Sweetly sentimental and anachronistically whimsical, “Bogus” is a modern metaphor oddly out of step with contemporary taste. The tale about an inward child who invents a secret friend strives to make its points about alienation and vulnerability in a fantastic manner, but it’s a simple tale unbalanced by big names and sumptuous production values. Heartfelt, sincere and well intentioned, the picture falls short of achieving emotional connection and looks destined for so-so box office response.
Precocious 7-year-old Albert (Haley Joel Osment) is a budding sleight-of-hand artist. He comes by this honestly: His mother, Lorraine (Nancy Travis), works in a Las Vegas magic revue. But this cozy world of illusion goes seriously akilter when a driver plows through an intersection and fatally broadsides Mom.
The theatrical gypsies don’t quite know what to do with the lad. But they’re let off the hook, as Lorraine’s will instructs that her foster sister be contacted in the event of her untimely demise. Harriet (Whoopi Goldberg) is hardly the picture of surrogate mom of the year. The operator of a struggling restaurant-supply company in distant Newark, she is energetic but unfocused, and the last thing on her mind is parental responsibility.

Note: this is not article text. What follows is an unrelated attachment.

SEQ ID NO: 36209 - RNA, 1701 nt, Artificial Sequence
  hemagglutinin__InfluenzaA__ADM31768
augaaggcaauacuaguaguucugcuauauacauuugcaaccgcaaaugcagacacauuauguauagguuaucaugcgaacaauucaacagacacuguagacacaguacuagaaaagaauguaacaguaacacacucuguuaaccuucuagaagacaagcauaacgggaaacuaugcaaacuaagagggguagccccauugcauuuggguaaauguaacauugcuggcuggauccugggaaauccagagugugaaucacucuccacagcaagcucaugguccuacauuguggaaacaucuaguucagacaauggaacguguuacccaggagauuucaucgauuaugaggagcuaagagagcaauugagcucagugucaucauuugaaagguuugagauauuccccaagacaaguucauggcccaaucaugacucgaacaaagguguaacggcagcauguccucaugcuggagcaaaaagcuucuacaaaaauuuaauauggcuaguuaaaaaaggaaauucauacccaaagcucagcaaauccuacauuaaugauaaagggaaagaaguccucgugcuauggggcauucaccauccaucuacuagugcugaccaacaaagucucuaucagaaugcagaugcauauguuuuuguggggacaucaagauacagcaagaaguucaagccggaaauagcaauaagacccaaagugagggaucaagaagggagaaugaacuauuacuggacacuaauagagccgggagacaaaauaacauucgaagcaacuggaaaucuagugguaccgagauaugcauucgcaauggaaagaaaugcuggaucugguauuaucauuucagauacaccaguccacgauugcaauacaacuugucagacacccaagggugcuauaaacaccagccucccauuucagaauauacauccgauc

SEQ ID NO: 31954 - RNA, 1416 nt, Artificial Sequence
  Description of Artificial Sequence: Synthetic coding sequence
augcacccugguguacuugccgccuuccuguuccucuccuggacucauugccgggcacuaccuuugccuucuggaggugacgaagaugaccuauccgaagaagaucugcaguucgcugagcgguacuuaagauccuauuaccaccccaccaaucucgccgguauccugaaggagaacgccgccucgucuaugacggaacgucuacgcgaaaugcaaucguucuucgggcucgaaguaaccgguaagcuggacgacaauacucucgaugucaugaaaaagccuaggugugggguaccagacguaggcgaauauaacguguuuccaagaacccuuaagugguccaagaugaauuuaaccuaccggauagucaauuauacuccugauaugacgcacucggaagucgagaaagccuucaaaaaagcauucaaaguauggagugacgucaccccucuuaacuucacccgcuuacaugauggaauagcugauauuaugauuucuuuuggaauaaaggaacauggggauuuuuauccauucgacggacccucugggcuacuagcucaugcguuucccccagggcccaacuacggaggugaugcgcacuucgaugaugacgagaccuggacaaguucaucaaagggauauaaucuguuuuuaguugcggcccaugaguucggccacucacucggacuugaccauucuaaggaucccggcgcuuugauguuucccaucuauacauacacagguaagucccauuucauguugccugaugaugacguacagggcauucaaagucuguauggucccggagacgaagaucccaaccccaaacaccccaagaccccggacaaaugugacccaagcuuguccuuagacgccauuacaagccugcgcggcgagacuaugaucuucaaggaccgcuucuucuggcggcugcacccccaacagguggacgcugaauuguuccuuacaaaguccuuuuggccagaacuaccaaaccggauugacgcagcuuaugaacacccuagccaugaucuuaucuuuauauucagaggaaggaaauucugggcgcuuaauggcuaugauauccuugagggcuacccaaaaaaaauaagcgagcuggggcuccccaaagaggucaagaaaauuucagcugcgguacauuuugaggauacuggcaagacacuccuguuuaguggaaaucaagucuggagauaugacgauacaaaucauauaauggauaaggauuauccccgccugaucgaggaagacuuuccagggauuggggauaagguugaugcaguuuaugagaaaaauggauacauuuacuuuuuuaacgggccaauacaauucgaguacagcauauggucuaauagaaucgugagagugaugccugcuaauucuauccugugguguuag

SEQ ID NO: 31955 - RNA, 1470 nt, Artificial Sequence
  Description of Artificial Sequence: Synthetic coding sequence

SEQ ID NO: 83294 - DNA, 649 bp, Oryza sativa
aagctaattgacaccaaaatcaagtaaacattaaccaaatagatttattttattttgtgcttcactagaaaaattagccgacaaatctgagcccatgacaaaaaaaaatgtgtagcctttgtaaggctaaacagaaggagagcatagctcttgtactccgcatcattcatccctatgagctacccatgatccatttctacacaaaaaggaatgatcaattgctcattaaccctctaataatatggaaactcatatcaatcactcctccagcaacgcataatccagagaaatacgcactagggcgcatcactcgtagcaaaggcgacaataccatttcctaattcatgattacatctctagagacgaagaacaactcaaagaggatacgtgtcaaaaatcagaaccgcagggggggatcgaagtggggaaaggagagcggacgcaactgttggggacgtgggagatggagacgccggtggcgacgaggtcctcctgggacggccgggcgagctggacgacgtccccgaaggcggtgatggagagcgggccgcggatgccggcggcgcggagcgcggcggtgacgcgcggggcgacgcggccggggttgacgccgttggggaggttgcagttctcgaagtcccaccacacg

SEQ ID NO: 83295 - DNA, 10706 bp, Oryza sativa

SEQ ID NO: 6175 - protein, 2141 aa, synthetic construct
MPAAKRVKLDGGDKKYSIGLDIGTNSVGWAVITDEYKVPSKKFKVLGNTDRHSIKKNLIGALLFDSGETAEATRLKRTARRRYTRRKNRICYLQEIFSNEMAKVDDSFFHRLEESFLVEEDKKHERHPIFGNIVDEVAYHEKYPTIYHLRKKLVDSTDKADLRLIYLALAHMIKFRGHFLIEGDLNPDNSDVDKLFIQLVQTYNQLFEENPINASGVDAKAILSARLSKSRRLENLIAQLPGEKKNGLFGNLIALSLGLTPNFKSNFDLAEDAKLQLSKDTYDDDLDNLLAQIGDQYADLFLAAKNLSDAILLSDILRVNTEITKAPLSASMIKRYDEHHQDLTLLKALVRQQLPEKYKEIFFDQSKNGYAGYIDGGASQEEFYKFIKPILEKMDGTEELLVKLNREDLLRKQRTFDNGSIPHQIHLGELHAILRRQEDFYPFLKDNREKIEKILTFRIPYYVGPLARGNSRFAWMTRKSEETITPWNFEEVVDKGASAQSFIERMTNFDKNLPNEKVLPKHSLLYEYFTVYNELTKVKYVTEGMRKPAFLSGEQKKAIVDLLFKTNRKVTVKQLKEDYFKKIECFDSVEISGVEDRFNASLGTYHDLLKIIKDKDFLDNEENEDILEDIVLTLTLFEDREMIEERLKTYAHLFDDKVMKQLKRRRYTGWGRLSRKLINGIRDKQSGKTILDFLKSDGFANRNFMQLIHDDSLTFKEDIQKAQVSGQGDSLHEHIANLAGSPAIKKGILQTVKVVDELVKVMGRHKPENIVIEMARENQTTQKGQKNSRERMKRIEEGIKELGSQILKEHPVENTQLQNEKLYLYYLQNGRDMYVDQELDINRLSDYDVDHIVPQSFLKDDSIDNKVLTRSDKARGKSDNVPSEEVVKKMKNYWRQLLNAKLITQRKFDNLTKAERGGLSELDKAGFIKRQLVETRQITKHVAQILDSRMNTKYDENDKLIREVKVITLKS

Even though Harriet and Lorraine have had no contact in at least a decade, the bond they forged as children is paramount, and Albert is shipped cross-country. En route, he has a panic attack and scurries into the airplane bathroom with his coloring book. He emerges with an unexpected ally in the form of the caricature he’s scribbled, a Frenchman who says his name is Bogus (Gerard Depardieu).
There is an unquestionable preciousness and fragility to Alvin Sargent’s script, which all involved attempt to surmount. Bogus isn’t quite “Harvey,” though he shares his invisibility, and he lacks the earthly background of Patrick Swayze in “Ghost.” No, he’s more in keeping with Clarence, the angel who showed George Bailey that his very existence has meant something in “It’s a Wonderful Life.”
While the imaginary friend is the device the boy employs to cope with a world turned upside down, he also serves as a means of connecting Albert and Harriet. It’s only when the latter confronts her past that her eyes widen to take in the image of the impish man from the other side.
The pop psychology is a bit too on-the-nose. While pic embraces a master film craftsman’s sheen and rhythm, there’s a neatness to “Bogus” that serves as a dramatic safety net, robbing the film of precisely the sort of edge it needed to be compelling.
As a result, the picture’s joys are evanescent. It’s stunningly shot by David Watkin particularly in its fantastical circus illusions and handsomely mounted, as one would expect from old pros like Norman Jewison and production designer Ken Adam.
And then there’s Depardieu, a force of nature so seemingly inappropriate for the role, and yet unquestionably perfect in his abandonment of logic. He operates brilliantly on an emotional level.
One can understand Goldberg’s long-standing desire to team with the actor, but this proves an unsuitable vehicle. When they finally make contact, they segue into an inelegantly choreographed dance routine that stretches even this film’s boundaries of credibility. Osment is fine in a fairly standard kid’s role.
The film is, like its stars, big, boisterous and in your face. It sorely required a moment of reflective meditation.